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Traffic legislation must reflect new transport choices, like Lime bikes

By Kayle Van’t Klooster, November 30 2018 —

The introduction of Lime bikes — electric-assisted bicycles rentable through your phone — to Calgary is a great thing for the city. Having more mobility choices is important and bike-share programs are a step in the right direction. Bike-share programs are already used extensively in cities around the world and will hopefully grow in popularity in Calgary as well. They’re an environmentally friendly alternative to cars that will also lower traffic congestion if enough people make the switch. As Calgary grows, we need to stay dedicated to providing smart transportation options for citizens.

However, the fact that Lime bikes are technically illegal is, frankly, ridiculous. The bikes aren’t equipped with mirrors, a horn or brake lights, which power-assisted bicycles require under the Alberta Traffic Safety Act, but the Calgary Police Service has said that they will not be actively enforcing this rule. If they were, all users could receive tickets.

This situation puts both the government and Lime bike in the wrong. Lime has an obligation to follow the jurisdictional laws if they expect to do business here. They shouldn’t be able to simply shrug off this responsibility.

But the crux of this issues lies at the feet of our legislators. The Alberta Traffic Safety Act is out of date — e-bikes were simply not on the minds of those who wrote this particular piece of legislation. E-bikes, such as Lime bikes, are electrically powered, therefore are treated the same as a scooter or motorcycle despite having a top speed of 24 km/h. Most adults can bike that fast under their own power and it’s nowhere near as dangerous as a proper motorcycle.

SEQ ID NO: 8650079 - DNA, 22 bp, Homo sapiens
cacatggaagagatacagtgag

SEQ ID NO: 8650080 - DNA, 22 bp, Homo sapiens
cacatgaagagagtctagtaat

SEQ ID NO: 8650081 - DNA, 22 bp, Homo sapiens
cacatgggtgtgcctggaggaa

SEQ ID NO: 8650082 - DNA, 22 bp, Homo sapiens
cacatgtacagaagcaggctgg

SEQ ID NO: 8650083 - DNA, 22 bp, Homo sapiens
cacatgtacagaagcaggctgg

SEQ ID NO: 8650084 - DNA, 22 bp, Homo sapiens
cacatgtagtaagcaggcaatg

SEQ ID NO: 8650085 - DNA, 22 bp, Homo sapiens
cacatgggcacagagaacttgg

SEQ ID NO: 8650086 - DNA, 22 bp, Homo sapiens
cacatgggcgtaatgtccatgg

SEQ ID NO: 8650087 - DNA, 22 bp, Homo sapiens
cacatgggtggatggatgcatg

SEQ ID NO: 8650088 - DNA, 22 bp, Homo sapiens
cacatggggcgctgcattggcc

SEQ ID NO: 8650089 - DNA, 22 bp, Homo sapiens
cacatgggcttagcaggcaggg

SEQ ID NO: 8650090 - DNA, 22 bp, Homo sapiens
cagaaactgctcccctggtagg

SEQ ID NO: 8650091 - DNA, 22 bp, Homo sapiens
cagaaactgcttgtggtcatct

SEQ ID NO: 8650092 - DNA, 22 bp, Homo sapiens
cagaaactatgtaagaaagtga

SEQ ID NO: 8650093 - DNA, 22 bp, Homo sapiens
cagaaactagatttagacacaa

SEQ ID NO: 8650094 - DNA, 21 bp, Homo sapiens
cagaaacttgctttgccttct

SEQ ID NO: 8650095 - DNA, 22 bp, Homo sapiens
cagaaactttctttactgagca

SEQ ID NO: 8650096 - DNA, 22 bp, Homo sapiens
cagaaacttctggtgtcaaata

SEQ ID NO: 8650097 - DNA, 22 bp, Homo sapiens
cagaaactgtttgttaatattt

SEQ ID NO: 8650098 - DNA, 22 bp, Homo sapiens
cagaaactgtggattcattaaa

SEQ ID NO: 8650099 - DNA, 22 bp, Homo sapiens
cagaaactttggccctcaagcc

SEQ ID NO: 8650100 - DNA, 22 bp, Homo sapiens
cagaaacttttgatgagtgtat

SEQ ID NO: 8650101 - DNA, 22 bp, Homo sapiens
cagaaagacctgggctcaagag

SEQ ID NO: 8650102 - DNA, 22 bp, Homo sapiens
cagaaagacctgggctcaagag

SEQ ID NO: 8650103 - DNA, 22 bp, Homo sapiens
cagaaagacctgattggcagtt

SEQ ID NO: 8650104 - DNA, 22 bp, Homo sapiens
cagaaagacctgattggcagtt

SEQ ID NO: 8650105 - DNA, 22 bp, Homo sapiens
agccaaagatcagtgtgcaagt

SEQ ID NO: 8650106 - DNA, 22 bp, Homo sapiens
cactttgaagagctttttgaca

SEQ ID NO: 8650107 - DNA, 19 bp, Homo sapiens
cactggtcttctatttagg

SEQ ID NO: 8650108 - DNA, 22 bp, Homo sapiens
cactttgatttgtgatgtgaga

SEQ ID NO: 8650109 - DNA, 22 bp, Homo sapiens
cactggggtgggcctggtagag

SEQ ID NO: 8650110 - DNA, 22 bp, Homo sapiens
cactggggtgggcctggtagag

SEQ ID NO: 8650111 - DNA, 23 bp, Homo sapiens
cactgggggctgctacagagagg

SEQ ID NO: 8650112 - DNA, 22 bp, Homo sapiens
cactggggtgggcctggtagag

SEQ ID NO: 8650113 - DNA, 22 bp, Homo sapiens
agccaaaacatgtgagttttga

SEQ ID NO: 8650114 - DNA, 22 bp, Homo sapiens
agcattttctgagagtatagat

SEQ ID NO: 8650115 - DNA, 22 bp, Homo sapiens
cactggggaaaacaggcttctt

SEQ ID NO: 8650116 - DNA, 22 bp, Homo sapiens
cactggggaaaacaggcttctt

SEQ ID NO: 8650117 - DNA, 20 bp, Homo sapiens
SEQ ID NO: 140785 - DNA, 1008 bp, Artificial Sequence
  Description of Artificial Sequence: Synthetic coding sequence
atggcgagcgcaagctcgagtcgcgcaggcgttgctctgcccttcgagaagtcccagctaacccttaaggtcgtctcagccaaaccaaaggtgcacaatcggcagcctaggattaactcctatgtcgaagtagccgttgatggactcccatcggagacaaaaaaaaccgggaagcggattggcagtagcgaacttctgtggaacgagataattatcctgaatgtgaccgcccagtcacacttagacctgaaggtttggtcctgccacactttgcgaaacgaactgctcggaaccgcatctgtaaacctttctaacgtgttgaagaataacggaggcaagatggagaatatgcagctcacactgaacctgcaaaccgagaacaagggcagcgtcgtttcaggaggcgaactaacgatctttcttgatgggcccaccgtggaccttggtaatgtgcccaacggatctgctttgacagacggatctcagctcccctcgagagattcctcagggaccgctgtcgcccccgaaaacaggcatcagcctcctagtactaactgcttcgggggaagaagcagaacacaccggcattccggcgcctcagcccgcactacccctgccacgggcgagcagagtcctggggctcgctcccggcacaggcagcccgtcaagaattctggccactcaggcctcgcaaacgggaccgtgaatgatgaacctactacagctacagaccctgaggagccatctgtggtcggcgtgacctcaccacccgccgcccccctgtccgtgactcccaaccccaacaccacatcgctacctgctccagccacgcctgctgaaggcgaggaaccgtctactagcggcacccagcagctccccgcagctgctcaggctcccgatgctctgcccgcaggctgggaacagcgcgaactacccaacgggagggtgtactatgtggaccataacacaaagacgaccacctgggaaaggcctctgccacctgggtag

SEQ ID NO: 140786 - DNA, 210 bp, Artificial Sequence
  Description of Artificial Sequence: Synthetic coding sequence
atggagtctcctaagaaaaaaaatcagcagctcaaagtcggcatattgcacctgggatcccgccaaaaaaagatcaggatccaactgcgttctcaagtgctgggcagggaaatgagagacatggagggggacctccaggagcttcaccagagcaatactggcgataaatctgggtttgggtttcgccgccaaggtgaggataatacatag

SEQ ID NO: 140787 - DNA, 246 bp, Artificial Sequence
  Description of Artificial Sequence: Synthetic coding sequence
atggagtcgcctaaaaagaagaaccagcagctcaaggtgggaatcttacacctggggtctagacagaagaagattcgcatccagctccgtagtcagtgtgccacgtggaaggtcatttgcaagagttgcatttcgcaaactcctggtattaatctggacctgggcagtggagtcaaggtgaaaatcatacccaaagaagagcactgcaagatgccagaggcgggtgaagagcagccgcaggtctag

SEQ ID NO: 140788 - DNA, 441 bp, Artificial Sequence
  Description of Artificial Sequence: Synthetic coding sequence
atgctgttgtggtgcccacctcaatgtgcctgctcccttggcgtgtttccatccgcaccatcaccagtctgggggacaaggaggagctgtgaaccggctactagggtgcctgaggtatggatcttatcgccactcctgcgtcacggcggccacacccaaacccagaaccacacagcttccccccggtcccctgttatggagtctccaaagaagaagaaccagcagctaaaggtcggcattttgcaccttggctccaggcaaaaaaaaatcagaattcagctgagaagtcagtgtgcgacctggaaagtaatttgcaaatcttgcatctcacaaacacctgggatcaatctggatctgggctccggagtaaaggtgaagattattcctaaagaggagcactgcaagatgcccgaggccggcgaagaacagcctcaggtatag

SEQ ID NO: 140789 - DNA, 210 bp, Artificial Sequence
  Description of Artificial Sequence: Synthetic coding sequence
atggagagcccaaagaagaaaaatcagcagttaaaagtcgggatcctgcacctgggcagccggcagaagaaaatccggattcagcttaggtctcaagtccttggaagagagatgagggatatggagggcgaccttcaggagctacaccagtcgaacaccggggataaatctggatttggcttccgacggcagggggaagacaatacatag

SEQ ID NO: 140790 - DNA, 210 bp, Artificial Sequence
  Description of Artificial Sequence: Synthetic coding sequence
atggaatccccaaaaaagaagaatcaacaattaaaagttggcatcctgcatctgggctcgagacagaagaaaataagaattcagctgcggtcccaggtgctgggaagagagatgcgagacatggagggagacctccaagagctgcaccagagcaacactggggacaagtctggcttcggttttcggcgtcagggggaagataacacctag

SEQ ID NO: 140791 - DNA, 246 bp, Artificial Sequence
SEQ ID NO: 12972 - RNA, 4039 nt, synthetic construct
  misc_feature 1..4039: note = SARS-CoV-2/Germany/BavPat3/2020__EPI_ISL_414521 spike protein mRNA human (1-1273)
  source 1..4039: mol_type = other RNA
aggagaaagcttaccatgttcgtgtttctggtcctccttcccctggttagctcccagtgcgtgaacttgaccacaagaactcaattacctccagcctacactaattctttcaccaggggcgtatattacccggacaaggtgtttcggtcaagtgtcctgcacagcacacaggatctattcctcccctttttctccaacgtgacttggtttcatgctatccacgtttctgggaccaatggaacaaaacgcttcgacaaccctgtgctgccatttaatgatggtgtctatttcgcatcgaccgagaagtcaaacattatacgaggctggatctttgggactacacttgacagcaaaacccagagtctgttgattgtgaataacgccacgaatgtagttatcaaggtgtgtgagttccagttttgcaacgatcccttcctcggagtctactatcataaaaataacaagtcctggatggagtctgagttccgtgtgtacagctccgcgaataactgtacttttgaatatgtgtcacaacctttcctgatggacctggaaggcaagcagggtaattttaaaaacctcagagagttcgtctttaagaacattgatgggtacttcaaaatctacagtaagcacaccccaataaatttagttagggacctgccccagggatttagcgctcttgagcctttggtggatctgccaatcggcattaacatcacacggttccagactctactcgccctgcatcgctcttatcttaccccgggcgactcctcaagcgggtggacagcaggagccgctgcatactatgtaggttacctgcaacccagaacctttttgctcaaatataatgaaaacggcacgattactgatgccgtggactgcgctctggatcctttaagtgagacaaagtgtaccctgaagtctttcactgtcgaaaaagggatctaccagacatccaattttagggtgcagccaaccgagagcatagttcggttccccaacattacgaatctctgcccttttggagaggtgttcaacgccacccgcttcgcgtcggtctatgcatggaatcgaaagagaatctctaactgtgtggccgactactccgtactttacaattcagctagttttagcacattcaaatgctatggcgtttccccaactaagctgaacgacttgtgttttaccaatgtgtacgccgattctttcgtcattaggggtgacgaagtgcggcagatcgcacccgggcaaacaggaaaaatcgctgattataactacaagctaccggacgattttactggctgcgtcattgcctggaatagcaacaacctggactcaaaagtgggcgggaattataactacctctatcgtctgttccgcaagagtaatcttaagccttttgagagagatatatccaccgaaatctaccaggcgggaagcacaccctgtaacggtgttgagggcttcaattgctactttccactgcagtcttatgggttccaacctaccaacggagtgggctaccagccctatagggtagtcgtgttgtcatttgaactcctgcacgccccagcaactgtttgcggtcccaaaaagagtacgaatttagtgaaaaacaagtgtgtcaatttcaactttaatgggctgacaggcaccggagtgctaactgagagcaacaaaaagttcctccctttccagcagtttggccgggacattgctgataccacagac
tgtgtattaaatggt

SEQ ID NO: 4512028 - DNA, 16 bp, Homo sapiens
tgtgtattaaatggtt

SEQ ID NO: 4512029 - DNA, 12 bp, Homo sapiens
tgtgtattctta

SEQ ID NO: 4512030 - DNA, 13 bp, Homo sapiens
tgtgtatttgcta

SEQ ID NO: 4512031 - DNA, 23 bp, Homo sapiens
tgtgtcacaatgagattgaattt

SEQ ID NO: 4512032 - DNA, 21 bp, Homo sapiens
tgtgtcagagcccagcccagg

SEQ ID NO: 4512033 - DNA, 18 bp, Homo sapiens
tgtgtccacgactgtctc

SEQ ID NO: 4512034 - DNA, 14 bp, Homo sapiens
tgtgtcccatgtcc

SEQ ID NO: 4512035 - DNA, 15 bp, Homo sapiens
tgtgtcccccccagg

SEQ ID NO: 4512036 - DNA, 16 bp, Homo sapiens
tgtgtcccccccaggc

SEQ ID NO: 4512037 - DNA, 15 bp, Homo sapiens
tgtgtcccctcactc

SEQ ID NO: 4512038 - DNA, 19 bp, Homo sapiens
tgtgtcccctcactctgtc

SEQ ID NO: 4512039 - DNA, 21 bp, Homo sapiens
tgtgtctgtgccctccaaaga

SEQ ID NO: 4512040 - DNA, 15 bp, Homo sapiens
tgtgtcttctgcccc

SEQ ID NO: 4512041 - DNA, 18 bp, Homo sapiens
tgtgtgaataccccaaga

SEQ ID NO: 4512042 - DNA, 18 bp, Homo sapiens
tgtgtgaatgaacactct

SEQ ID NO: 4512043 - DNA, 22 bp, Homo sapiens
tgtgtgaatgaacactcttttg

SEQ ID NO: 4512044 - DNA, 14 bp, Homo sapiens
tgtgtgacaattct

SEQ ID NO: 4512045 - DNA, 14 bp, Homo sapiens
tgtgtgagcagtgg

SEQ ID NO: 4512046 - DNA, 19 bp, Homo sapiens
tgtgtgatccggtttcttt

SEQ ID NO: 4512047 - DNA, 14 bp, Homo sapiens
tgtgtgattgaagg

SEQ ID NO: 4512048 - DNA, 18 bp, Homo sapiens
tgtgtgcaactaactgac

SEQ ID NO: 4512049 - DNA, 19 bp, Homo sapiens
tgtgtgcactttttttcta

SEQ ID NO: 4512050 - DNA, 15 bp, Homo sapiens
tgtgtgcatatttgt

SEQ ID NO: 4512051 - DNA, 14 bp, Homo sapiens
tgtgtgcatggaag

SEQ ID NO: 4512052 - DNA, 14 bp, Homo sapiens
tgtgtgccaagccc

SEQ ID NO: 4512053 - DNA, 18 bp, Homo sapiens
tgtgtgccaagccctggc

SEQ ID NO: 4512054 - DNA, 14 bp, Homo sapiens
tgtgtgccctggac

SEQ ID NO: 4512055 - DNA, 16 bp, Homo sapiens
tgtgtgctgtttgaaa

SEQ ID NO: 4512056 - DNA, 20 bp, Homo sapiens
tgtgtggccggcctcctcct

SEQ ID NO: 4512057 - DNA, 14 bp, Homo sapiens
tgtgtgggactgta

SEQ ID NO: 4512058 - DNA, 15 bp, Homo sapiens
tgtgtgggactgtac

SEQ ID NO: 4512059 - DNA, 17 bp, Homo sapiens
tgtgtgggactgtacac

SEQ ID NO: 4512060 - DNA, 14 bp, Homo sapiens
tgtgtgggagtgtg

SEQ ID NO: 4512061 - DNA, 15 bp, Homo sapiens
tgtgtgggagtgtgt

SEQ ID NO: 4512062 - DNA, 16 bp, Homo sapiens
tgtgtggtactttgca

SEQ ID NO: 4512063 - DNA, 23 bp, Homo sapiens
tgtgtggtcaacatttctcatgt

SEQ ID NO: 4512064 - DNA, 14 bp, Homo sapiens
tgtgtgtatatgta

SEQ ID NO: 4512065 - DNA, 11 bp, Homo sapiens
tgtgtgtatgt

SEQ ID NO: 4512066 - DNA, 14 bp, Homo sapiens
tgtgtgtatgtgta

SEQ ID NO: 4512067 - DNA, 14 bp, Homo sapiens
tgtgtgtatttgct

Riders are also expected to wear a helmet when using one of these bikes, which is a great inconvenience. Although they help protect users and should be encouraged, helmets should not be required when using a vehicle closer to a traditional bicycle, since in Alberta, adult cyclists are not legally required to wear them.

Legislators need to update laws about getting around in the city. The Alberta government has stated that they are discussing Lime’s business with the company, which is a good sign. Bike-share programs have only recently been given the green light by city council and currently operate as a pilot program, so hopefully, we’ll see an increase in the number of active services. As a city, we should embrace this pilot program but also make it clear that we want more options.

Calgary has already invested in cycling infrastructure across the city. Encouraging bike-share programs is the logical next step. It would be wise for anyone living in Calgary to reconsider how they get around the city. Rather than hopping into your car for a quick drive down to the grocery store, consider riding your bike instead. The benefits to both your health and the environment make it a lively choice.


Kayle Van’t Klooster is a fourth-year International Relations Major at the University of Calgary. He writes a column for the Gauntlet about Canadian national and international affairs called “For Your Consideration.”

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